SalesVantage.com >> Article Archives >> Advertising >> Integrated Marketing: The Client's Point Of View

Advertising
   
Integrated Marketing: The Client's Point Of View
By Helen Berman

Today's advertisers aren't simply interested in choosing the "best" magazine, Website or TV program for bringing their product to their end users.

If you're at a hot nightclub, you know it's no fun to cool out by the velvet rope.

In sales, think of the RFP - request for proposal - as the equivalent of the waiting to get to the other side of velvet rope. It's essentially a last-minute invitation to compete for a client's business. By the time you get it, you can be sure that that client isn't contacting you primarily because he thinks you've got fantastic ideas and great creative media solutions. He's contacting you because he's already gone through the big decisions about what kind of media he wants to use to solve his company's particular needs, and now he's looking for the best price.

Trust me: The velvet rope is not where you want to be, either in sales or clubs. You want to be one of those people who's swept through the door early because your presence is valued. And in the sales game - as in society - the way you get there is by establishing a relationship long before the event. This has become particularly true now that we're in the age of integrated media.

Today's advertisers aren't simply interested in choosing the "best" magazine, Website or TV program (however they define "best") for bringing their product to their end users. Instead, they also want to use media in creative ways to solve marketing problems. This means you, a sales professional, need to be on hand to help the client understand their sales challenges and select the best combination of media to meet their needs. Even if they have their own advisers, when you become their best advocate, you can get beyond the velvet rope.

Here's an example. Say you work for a consumer automotive publication and your client is Goodwheels, a number-three tire manufacturer among car customizers. For years, your client has struggled for number two by increasing its distribution network and investing in public relations. But while brand awareness has gone up, sales and perception haven't budged: The tires are still seen as old-fashioned and non-innovative. As a salesperson , it's not your job to now push an ad schedule at Goodwheels. That's just the sales equivalent of crashing a party. Instead, take the time to understand how Goodwheels will make its ultimate decision on a marketing program
  1. Define the marketing problem. Goodwheels needs to increase market share, particularly among young, college-educated, single men. Establish media objectives. Goodwheels goal is to expand its image from older, established, reliable brand name to cutting-edge, innovative brand choice.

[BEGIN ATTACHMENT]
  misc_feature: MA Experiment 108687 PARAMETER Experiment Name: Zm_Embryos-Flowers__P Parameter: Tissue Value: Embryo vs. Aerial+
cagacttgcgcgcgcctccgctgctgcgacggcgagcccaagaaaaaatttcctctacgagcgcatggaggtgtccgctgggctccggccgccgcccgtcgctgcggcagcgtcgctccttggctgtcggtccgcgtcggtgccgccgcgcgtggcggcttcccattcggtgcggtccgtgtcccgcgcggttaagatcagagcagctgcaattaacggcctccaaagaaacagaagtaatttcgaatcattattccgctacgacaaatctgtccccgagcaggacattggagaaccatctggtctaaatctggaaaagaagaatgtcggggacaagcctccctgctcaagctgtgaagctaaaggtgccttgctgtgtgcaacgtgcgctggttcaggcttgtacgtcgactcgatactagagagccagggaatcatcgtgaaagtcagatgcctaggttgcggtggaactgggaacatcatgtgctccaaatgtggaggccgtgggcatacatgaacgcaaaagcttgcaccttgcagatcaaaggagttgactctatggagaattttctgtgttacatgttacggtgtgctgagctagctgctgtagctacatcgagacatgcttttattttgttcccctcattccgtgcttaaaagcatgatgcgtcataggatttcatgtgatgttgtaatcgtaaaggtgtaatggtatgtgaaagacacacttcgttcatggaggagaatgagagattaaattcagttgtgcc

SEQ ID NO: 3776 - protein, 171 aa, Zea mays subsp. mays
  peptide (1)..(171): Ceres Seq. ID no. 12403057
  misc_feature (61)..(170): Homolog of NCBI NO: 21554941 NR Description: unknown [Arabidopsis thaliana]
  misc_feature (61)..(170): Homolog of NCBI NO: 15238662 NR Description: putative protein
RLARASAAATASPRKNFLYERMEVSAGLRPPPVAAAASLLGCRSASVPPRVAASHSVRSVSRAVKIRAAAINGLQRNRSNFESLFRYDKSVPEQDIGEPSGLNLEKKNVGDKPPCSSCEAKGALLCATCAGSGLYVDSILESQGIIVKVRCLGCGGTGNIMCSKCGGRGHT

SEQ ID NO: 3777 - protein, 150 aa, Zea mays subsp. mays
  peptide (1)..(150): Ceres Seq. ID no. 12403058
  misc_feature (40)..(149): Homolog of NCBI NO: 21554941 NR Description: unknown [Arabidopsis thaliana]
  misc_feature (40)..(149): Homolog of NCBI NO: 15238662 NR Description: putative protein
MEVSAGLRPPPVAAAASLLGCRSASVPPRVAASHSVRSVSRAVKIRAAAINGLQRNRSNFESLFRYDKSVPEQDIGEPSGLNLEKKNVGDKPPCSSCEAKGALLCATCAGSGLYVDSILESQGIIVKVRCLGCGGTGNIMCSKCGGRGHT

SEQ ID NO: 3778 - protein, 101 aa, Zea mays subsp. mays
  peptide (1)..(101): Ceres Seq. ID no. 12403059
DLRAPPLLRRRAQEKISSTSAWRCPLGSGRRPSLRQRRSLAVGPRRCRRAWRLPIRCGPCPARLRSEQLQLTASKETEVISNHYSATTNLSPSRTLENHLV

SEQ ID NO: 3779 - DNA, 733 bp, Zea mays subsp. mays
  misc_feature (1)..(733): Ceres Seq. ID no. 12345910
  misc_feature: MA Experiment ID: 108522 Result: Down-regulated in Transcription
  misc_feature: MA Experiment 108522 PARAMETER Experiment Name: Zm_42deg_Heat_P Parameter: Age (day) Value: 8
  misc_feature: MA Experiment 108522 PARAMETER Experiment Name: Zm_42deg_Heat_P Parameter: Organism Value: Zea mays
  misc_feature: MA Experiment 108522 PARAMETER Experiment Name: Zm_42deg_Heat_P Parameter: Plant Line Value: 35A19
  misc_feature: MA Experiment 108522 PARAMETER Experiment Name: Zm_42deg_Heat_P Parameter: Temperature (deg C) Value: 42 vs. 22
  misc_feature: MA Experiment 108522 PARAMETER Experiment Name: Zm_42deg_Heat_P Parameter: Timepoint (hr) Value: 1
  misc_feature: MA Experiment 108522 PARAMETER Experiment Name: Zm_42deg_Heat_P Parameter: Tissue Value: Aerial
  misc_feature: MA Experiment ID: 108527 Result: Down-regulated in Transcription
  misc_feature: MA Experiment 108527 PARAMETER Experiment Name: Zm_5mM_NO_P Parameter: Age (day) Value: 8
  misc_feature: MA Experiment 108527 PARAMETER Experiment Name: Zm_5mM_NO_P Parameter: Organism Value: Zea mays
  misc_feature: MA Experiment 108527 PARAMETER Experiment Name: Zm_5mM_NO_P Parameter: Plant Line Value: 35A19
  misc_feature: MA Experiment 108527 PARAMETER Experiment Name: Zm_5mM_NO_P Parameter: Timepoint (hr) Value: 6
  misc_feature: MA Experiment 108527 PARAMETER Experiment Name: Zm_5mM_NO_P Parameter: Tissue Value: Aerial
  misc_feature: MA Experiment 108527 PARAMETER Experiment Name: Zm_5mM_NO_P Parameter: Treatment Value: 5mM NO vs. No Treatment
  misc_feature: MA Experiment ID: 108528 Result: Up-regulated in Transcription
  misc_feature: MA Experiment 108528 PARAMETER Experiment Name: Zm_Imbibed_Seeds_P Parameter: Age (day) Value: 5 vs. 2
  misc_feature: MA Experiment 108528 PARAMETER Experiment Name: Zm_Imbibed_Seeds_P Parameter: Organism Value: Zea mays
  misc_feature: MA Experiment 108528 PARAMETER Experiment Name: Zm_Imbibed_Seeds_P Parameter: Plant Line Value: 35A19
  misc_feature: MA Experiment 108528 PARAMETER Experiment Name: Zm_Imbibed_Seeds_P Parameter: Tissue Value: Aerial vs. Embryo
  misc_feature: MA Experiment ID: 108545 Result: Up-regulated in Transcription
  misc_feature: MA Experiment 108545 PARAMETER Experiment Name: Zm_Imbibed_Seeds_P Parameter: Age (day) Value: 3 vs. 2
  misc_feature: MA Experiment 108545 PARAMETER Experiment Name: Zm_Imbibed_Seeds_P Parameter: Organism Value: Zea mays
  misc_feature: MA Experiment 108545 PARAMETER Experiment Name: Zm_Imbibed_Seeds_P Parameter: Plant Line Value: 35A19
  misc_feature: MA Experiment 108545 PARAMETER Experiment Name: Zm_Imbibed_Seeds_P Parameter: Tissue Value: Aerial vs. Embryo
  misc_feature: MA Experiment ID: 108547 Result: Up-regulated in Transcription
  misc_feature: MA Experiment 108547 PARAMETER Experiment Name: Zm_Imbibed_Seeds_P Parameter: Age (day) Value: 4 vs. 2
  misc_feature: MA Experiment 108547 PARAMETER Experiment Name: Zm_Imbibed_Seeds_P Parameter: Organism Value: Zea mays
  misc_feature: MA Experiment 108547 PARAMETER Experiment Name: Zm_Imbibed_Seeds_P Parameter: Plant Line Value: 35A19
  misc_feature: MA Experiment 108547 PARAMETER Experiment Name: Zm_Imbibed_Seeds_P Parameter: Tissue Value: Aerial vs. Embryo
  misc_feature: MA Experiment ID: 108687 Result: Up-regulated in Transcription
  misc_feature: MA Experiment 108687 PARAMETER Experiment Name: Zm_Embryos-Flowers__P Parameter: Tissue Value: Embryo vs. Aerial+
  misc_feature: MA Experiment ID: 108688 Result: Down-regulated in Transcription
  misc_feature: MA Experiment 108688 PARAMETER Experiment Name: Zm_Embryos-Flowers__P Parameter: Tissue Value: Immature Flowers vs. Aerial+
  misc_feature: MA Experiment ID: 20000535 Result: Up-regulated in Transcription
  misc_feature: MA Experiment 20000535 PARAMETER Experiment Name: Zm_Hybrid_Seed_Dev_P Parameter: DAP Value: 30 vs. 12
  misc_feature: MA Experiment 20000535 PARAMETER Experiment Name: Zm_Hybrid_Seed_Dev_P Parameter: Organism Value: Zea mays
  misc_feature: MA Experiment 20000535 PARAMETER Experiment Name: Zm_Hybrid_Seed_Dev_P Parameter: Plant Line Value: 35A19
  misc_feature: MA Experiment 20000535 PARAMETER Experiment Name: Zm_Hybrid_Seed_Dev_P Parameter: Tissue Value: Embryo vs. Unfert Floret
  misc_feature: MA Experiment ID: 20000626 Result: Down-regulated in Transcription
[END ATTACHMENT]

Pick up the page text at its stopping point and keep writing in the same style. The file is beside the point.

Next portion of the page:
2. Establish media objectives. Goodwheels goal is to expand its image from older, established, reliable brand name to cutting-edge, innovative brand choice.

  3. Evaluate media types. Goodwheels needs to examine each subset of media options to determine which would best help polish its image and reach target consumers. For instance: Should Goodwheels expand beyond custom-car titles and begin advertising in "mens" magazines? Should the company overhaul its Website to appeal to a more sophisticated shopper? How about company sponsorship of educational programs on leading-edge automotive issues, or of industry research on new technologies? Does traditional media still reach the types of young men who buy custom tires? And if not, which media would work?

  4. Determine the media mix. Now Goodwheels needs to match its goals to the types of media best suited to meet those goals. Following its media research, Goodwheels might decide to target young men via event marketing at car races and custom car shows. It might also decide to move more print advertising to Web site sponsorships in order to appear more leading-edge. It might look into niche audiences found on cable TV, and it might also decide to invest more in media research to keep on top of where potential buyers are going.

  5. Select specific media brands. Here's where the RFPs come in. Having decided on media categories to pursue, Goodwheels and its agency scouts for specific magazines, shows, television programs and Web sites that can deliver on the company's objectives. Not only is Goodwheels looking for great proposals, it's also looking for companies that can fulfill promises, think creatively, present a lot of bang for the buck, and be fun and easy to work with. Clearly, then, no salesperson wants to join the process only at Step 5. To become indispensable marketing consultants, salespeople need to be involved right from Step 1, helping clients determine marketing needs and goals. That way, there's no more waiting at the velvet rope: You'll be ushered right through to the sale.
Integrated Marketing: Stepping into the Client

An exciting speaker and inspiring sales mentor, Helen Berman has appeared at dozens of media conferences and seminars worldwide, in addition to writing popular sales columns for Folio and Expo magazines. She's also written the two-volume book, Ad Sales: Winning Secrets of the Magazine Pros and is working on a new book, Integrated Media Sales: Beyond the Page, Beyond the Banner. To contact Helen directly, call 310-230-3899 or learn more online www.helenberman.com

More articles by Helen Berman
More articles on Advertising